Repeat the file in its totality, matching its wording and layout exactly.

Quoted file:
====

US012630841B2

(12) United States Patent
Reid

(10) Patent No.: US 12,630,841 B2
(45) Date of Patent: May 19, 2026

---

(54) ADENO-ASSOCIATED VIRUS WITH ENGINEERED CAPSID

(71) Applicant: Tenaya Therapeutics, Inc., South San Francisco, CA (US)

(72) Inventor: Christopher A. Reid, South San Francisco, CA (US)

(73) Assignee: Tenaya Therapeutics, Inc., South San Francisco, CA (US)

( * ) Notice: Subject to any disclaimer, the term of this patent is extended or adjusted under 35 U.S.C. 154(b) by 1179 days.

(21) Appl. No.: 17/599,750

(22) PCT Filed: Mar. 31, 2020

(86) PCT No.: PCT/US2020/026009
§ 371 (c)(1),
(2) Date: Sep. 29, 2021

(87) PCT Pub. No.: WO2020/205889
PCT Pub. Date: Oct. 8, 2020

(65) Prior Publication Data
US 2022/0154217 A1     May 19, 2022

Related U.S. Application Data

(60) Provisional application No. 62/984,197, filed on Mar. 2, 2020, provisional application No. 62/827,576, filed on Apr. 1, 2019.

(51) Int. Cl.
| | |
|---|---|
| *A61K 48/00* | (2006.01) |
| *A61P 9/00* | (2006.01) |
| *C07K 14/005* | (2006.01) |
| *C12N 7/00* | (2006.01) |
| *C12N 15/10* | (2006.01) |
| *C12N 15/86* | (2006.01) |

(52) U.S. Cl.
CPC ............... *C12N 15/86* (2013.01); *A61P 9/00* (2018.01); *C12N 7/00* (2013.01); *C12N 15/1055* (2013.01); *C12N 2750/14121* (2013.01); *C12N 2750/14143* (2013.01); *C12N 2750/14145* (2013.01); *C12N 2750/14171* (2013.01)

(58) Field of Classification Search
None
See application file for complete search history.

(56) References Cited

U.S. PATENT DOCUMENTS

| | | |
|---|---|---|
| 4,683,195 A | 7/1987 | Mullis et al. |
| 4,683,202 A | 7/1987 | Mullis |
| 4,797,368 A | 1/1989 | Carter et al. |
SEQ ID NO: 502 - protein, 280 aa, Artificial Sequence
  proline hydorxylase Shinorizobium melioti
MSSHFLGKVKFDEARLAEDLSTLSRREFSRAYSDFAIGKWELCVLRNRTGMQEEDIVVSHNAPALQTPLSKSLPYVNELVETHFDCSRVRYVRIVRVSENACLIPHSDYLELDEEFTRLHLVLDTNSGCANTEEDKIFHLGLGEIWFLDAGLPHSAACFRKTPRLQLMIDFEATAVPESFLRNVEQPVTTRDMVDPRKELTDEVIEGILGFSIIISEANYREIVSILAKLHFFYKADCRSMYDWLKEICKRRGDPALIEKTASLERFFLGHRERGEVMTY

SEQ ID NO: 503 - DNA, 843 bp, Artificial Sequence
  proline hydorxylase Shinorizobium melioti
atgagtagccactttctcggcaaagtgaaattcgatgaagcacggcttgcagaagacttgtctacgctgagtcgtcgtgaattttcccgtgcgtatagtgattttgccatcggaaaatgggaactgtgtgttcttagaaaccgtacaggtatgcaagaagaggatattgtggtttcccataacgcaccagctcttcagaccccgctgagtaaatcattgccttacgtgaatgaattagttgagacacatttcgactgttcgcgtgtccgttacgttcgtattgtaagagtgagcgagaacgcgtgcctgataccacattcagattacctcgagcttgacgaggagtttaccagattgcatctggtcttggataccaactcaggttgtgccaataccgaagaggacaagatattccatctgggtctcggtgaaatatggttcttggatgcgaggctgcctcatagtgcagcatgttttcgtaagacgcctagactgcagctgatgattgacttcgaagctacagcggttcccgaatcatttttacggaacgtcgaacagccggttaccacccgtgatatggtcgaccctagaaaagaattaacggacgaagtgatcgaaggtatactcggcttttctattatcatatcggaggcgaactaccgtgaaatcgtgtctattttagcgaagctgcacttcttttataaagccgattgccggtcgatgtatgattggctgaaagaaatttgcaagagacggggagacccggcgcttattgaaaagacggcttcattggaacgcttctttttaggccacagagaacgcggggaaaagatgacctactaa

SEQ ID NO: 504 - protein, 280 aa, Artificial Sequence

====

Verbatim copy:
US012630841B2

(12) United States Patent
Reid

(10) Patent No.: US 12,630,841 B2
(45) Date of Patent: May 19, 2026

---

(54) ADENO-ASSOCIATED VIRUS WITH ENGINEERED CAPSID

(71) Applicant: Tenaya Therapeutics, Inc., South San Francisco, CA (US)

(72) Inventor: Christopher A. Reid, South San Francisco, CA (US)

(73) Assignee: Tenaya Therapeutics, Inc., South San Francisco, CA (US)

( * ) Notice: Subject to any disclaimer, the term of this patent is extended or adjusted under 35 U.S.C. 154(b) by 1179 days.

(21) Appl. No.: 17/599,750

(22) PCT Filed: Mar. 31, 2020

(86) PCT No.: PCT/US2020/026009
§ 371 (c)(1),
(2) Date: Sep. 29, 2021

(87) PCT Pub. No.: WO2020/205889
PCT Pub. Date: Oct. 8, 2020

(65) Prior Publication Data
US 2022/0154217 A1     May 19, 2022

Related U.S. Application Data

(60) Provisional application No. 62/984,197, filed on Mar. 2, 2020, provisional application No. 62/827,576, filed on Apr. 1, 2019.

(51) Int. Cl.
| | |
|---|---|
| *A61K 48/00* | (2006.01) |
| *A61P 9/00* | (2006.01) |
| *C07K 14/005* | (2006.01) |
| *C12N 7/00* | (2006.01) |
| *C12N 15/10* | (2006.01) |
| *C12N 15/86* | (2006.01) |

(52) U.S. Cl.
CPC ............... *C12N 15/86* (2013.01); *A61P 9/00* (2018.01); *C12N 7/00* (2013.01); *C12N 15/1055* (2013.01); *C12N 2750/14121* (2013.01); *C12N 2750/14143* (2013.01); *C12N 2750/14145* (2013.01); *C12N 2750/14171* (2013.01)

(58) Field of Classification Search
None
See application file for complete search history.

(56) References Cited

U.S. PATENT DOCUMENTS

| | | |
|---|---|---|
| 4,683,195 A | 7/1987 | Mullis et al. |
| 4,683,202 A | 7/1987 | Mullis |
| 4,797,368 A | 1/1989 | Carter et al. |
SEQ ID NO: 502 - protein, 280 aa, Artificial Sequence
  proline hydorxylase Shinorizobium melioti
MSSHFLGKVKFDEARLAEDLSTLSRREFSRAYSDFAIGKWELCVLRNRTGMQEEDIVVSHNAPALQTPLSKSLPYVNELVETHFDCSRVRYVRIVRVSENACLIPHSDYLELDEEFTRLHLVLDTNSGCANTEEDKIFHLGLGEIWFLDAGLPHSAACFRKTPRLQLMIDFEATAVPESFLRNVEQPVTTRDMVDPRKELTDEVIEGILGFSIIISEANYREIVSILAKLHFFYKADCRSMYDWLKEICKRRGDPALIEKTASLERFFLGHRERGEVMTY

SEQ ID NO: 503 - DNA, 843 bp, Artificial Sequence
  proline hydorxylase Shinorizobium melioti
atgagtagccactttctcggcaaagtgaaattcgatgaagcacggcttgcagaagacttgtctacgctgagtcgtcgtgaattttcccgtgcgtatagtgattttgccatcggaaaatgggaactgtgtgttcttagaaaccgtacaggtatgcaagaagaggatattgtggtttcccataacgcaccagctcttcagaccccgctgagtaaatcattgccttacgtgaatgaattagttgagacacatttcgactgttcgcgtgtccgttacgttcgtattgtaagagtgagcgagaacgcgtgcctgataccacattcagattacctcgagcttgacgaggagtttaccagattgcatctggtcttggataccaactcaggttgtgccaataccgaagaggacaagatattccatctgggtctcggtgaaatatggttcttggatgcgaggctgcctcatagtgcagcatgttttcgtaagacgcctagactgcagctgatgattgacttcgaagctacagcggttcccgaatcatttttacggaacgtcgaacagccggttaccacccgtgatatggtcgaccctagaaaagaattaacggacgaagtgatcgaaggtatactcggcttttctattatcatatcggaggcgaactaccgtgaaatcgtgtctattttagcgaagctgcacttcttttataaagccgattgccggtcgatgtatgattggctgaaagaaatttgcaagagacggggagacccggcgcttattgaaaagacggcttcattggaacgcttctttttaggccacagagaacgcggggaaaagatgacctactaa

SEQ ID NO: 504 - protein, 280 aa, Artificial Sequence